Linköping University, Department of Clinical and Experimental Medicine, Pediatrics . Linköping University, Faculty of Health Sciences. Östergötlands Läns Landsting, Centre of Paediatrics and Gynecology and Obstetrics, Department of Paediatrics MH.
    Probiotic lactobacilli in breast milk and infant stool in relation to oral intake during the first year of life2009In: Journal of pediatric gastroenterology and nutrition, ISSN 1536-4801, Vol. 49, no 3, p. 349-354Article in journal (Refereed)
    Abstract [en]

    OBJECTIVES: This is to identify factors affecting the prevalence of Lactobacillus reuteri in maternal faeces and breast milk and infant faeces after oral supplementation with L reuteri and to assess the influence on microbial ecology, particularly Clostridium difficile and Bifidobacterium colonization.

    MATERIALS AND METHODS: In this double-blind trial, 232 mothers with a family history of atopic disease were randomized to a daily intake of either L reuteri American-type culture collection (ATCC) 55730 (1 x 10 colony-forming units [CFU]) or placebo for the last 4 weeks of pregnancy. Their babies then continued with the same study product daily from birth until 12 months of age. Bacterial counts and prevalence were assessed in maternal breast milk and faeces and infant faeces, using conventional cultivation methods.

    RESULTS: The prevalence of L reuteri was higher during the first year of life in the stool samples from infants in the active as compared with the placebo-treated group. The highest prevalence was recorded at 5 to 6 days of age (82% in the treated vs 20% in the placebo group, P < 0.001). Lactobacillus reuteri was isolated from 12% and 2%, respectively, in the colostrum samples (P < 0.05). Breast-feeding seemed to reduce faecal L reuteri counts, although antibiotics did not influence the levels of L reuteri. The administration of L reuteri did not affect bifidobacteria or C difficile colonization.

    CONCLUSION: Lactobacillus reuteri may be detected in breast milk after oral supplementation to the mother and in almost all infants after oral supplementation during the first year of life, as well as occasionally in many untreated infants.

  • 4.
    Fagerås Böttcher, Malin
    et al.
    Linköping University, Department of Clinical and Experimental Medicine, Pediatrics . Linköping University, Faculty of Health Sciences.
    Abrahamsson, Thomas Robert
    Linköping University, Department of Clinical and Experimental Medicine, Pediatrics . Linköping University, Faculty of Health Sciences. Östergötlands Läns Landsting, Centre of Paediatrics and Gynecology and Obstetrics, Department of Paediatrics MH.
    Fredriksson, Mats
    Östergötlands Läns Landsting, Centre of Paediatrics and Gynecology and Obstetrics, Department of Paediatrics MH.
    Jakobsson, Ted
    Linköping University, Department of Clinical and Experimental Medicine, Pediatrics . Linköping University, Faculty of Health Sciences.
    Björkstén, Bengt
    Linköping University, Department of Clinical and Experimental Medicine, Pediatrics . Linköping University, Faculty of Health Sciences. Östergötlands Läns Landsting, Centre of Paediatrics and Gynecology and Obstetrics, Department of Paediatrics MH.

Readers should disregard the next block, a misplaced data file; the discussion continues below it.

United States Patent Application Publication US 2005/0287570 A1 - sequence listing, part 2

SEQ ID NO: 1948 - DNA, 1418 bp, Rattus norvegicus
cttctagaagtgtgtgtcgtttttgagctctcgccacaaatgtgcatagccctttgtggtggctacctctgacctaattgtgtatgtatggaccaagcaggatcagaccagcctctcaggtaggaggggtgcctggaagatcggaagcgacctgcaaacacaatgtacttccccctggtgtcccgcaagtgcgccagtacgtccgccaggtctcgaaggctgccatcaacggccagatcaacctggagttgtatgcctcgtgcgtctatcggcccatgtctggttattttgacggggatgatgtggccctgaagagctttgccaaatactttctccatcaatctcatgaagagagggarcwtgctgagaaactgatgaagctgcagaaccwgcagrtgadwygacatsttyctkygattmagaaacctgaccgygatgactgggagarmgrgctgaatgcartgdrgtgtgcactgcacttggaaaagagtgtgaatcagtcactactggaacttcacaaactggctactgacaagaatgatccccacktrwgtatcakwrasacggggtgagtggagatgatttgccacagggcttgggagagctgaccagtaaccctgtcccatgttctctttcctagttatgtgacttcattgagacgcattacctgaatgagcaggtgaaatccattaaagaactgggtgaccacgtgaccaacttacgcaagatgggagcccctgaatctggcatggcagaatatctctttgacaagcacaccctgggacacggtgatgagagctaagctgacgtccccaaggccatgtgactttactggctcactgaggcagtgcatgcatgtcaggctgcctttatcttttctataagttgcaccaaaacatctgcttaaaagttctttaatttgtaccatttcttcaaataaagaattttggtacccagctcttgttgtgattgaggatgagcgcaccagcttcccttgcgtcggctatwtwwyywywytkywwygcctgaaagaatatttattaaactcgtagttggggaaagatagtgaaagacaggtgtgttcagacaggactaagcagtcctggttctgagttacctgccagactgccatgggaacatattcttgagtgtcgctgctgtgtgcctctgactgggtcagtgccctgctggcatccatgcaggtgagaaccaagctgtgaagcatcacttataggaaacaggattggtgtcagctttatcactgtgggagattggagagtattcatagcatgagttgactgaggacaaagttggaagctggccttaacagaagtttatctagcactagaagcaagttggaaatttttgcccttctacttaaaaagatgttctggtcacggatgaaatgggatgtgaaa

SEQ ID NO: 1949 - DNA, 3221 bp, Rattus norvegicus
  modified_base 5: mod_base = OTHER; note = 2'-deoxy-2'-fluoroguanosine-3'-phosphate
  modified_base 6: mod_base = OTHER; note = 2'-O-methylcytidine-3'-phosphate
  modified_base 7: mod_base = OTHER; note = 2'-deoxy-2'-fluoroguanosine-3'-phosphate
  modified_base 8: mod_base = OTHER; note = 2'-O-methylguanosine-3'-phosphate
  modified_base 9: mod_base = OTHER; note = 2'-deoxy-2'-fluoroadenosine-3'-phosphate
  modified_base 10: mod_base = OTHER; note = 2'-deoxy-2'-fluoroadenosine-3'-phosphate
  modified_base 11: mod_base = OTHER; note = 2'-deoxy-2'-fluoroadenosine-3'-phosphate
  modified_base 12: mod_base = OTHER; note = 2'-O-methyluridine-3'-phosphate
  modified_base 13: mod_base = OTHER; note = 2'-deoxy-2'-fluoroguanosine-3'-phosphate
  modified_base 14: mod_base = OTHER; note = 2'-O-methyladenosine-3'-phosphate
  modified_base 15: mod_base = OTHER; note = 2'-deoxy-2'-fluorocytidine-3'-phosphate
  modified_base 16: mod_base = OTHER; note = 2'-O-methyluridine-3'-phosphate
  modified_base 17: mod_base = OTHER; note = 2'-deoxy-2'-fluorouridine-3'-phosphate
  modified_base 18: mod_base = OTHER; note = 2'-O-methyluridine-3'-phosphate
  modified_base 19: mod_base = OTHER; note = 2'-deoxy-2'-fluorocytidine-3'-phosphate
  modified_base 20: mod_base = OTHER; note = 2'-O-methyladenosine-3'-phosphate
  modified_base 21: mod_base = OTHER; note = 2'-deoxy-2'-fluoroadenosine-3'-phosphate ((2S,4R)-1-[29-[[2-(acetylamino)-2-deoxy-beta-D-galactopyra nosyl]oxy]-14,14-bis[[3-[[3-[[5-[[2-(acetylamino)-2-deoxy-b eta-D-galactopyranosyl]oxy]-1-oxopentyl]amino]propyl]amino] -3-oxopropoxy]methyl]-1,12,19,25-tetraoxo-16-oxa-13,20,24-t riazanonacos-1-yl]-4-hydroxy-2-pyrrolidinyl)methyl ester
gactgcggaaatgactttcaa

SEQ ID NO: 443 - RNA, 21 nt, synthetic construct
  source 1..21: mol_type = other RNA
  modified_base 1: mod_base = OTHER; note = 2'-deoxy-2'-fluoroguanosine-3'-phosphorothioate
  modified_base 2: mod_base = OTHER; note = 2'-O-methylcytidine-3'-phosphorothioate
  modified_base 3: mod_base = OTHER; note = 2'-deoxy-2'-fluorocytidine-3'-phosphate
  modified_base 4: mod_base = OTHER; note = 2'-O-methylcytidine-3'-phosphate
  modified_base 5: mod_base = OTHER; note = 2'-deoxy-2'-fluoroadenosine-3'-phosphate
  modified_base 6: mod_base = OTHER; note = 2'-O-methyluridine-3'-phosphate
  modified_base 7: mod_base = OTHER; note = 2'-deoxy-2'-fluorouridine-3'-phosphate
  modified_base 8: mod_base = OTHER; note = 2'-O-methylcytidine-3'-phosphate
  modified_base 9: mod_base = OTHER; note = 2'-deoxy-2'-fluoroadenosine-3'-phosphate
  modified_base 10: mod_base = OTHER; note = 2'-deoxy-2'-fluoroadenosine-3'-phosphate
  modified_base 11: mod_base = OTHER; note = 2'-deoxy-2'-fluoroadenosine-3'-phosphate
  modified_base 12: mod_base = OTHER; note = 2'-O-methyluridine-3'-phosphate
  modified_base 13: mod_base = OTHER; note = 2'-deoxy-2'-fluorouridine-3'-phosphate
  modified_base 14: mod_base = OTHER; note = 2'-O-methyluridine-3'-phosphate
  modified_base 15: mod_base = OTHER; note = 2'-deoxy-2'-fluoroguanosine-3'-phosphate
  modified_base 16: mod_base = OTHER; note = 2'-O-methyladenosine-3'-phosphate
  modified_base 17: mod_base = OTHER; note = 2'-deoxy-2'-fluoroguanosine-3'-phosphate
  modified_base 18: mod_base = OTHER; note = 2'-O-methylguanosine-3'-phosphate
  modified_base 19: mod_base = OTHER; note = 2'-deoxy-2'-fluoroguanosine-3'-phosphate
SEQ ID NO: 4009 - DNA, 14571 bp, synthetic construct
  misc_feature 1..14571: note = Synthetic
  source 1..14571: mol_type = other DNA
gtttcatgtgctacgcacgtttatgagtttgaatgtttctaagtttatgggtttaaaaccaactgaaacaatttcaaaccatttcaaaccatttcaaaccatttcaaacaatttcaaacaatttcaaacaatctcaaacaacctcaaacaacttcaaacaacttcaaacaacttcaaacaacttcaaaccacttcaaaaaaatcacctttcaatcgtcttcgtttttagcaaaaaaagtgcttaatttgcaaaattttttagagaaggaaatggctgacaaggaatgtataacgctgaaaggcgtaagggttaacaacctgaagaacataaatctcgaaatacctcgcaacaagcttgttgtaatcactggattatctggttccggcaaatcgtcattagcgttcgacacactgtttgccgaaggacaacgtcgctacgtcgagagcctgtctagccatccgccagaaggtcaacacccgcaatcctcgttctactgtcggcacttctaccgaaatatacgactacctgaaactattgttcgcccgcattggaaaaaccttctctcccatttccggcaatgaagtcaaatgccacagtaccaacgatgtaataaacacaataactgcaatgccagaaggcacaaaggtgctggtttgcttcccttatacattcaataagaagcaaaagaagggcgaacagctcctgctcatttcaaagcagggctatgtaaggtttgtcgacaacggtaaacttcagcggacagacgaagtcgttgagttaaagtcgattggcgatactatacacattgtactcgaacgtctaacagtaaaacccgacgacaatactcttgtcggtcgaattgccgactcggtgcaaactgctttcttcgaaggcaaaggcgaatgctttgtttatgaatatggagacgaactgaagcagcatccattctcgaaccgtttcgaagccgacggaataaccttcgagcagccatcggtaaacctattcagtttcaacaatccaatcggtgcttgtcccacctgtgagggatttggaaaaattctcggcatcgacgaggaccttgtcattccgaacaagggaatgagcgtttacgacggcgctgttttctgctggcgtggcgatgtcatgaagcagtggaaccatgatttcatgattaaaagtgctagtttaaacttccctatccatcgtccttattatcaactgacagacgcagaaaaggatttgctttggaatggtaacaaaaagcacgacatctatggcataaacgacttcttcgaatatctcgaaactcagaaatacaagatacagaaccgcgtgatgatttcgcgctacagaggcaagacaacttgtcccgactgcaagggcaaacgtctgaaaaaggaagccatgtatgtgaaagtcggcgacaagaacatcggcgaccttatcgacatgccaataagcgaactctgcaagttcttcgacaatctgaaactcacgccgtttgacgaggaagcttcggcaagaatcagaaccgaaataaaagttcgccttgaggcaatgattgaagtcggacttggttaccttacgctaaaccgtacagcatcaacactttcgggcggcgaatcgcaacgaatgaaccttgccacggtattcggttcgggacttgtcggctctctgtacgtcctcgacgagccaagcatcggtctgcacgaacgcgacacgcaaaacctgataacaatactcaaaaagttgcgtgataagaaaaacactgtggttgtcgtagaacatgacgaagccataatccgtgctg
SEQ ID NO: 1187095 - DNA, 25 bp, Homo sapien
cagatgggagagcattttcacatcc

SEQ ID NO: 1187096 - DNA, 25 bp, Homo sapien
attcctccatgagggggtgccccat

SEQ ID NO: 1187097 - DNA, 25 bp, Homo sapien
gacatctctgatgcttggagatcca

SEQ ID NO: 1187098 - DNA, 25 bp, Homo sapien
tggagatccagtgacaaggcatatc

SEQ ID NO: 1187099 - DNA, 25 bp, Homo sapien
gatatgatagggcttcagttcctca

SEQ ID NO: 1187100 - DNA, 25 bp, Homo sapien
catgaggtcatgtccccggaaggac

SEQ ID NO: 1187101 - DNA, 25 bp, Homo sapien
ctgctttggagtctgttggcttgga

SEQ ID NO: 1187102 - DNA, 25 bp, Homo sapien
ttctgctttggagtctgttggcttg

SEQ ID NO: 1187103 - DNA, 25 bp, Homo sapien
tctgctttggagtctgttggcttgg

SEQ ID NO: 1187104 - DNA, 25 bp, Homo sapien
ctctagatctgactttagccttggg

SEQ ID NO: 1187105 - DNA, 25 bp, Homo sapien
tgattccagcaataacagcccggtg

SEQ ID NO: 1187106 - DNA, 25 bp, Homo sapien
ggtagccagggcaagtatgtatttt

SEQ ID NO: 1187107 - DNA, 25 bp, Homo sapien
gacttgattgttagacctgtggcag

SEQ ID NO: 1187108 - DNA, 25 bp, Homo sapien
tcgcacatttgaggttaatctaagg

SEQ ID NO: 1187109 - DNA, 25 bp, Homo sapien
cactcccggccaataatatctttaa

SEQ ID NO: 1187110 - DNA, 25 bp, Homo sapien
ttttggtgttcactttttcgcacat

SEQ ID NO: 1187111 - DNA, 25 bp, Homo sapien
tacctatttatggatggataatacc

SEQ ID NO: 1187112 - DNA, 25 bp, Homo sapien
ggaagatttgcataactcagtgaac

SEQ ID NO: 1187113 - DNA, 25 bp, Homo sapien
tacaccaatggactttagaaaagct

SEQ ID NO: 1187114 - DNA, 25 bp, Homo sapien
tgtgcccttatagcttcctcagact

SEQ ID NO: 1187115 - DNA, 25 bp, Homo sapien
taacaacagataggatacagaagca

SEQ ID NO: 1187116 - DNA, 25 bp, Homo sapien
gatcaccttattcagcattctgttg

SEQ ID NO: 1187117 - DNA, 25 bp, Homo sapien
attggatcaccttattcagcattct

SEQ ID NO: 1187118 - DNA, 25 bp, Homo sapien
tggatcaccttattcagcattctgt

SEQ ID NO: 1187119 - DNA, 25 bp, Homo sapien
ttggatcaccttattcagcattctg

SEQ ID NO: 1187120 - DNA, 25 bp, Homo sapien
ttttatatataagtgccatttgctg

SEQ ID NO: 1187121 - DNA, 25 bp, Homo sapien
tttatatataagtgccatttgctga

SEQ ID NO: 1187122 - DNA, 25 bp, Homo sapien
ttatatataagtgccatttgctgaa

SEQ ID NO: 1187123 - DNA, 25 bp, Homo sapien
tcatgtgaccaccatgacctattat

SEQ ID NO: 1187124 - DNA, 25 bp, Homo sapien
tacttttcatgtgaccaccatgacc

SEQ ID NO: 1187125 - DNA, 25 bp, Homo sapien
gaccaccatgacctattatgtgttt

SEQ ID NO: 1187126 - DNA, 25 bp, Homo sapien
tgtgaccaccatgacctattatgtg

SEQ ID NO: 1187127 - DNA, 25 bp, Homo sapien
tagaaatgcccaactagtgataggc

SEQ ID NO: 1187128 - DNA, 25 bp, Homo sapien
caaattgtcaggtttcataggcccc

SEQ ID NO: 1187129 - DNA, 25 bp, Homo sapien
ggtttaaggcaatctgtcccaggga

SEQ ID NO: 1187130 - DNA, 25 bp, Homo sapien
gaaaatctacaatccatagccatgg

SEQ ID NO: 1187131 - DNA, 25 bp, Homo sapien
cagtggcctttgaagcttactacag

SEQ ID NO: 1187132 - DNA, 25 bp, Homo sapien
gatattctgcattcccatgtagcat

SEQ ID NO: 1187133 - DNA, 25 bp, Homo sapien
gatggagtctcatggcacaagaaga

Low breast milk TGF-beta2 is induced by Lactobacillus reuteri supplementation and associates with reduced risk of sensitization during infancy2008In: Pediatric allergy and immunology : official publication of the European Society of Pediatric Allergy and Immunology, ISSN 1399-3038, Vol. 19, no 6, p. 497-504Article in journal (Refereed)
    Abstract [en]

    The immunological composition of breast milk differs between mothers. The reasons for these differences and the consequences for the breast-fed infants are poorly understood. The aim of this study was to evaluate the effect of probiotic Lactobacillus reuteri supplementation on the immunological composition of breast milk in relation to sensitization and eczema in the babies. Total IgA, secretory IgA (SIgA), TGF-beta1, TGF-beta2, IL-10, TNF, soluble CD14 (sCD14), and Na/K ratios were analyzed in colostrum and mature milk obtained from women treated with L. reuteri (n = 54) or placebo (n = 55) from gestational week 36 until delivery. Bacteriological analyses of L. reuteri were performed in faecal samples of the mothers. The infants were followed prospectively for 2 yr regarding development of eczema and sensitization as defined by a positive skin prick test and/or circulating allergen-specific IgE antibodies at 6, 12, and 24 months of age. Supplementation of L. reuteri during pregnancy was associated with low levels of TGF-beta2 and slightly increased levels of IL-10 in colostrum. For TGF-beta2, this association was most pronounced in mothers with detectable L. reuteri in faeces. Infants receiving breast milk with low levels of TGF-beta2 were less likely to become sensitized during their first 2 yr of life. A similar trend was observed for development of IgE-associated eczema. The levels of total IgA, SIgA, TGF-beta1, TNF, sCD14, and Na/K ratios in breast milk were not affected by the intake of L. reuteri. None of these parameters correlated with sensitization or development of eczema in the infant, except for high Na/K ratios that associated with increased risk of sensitization. Supplementation with L. reuteri during late pregnancy reduces breast milk levels of TGF-beta2, and low levels of this cytokine are associated with less sensitization and possibly less IgE-associated eczema in breast-fed infants.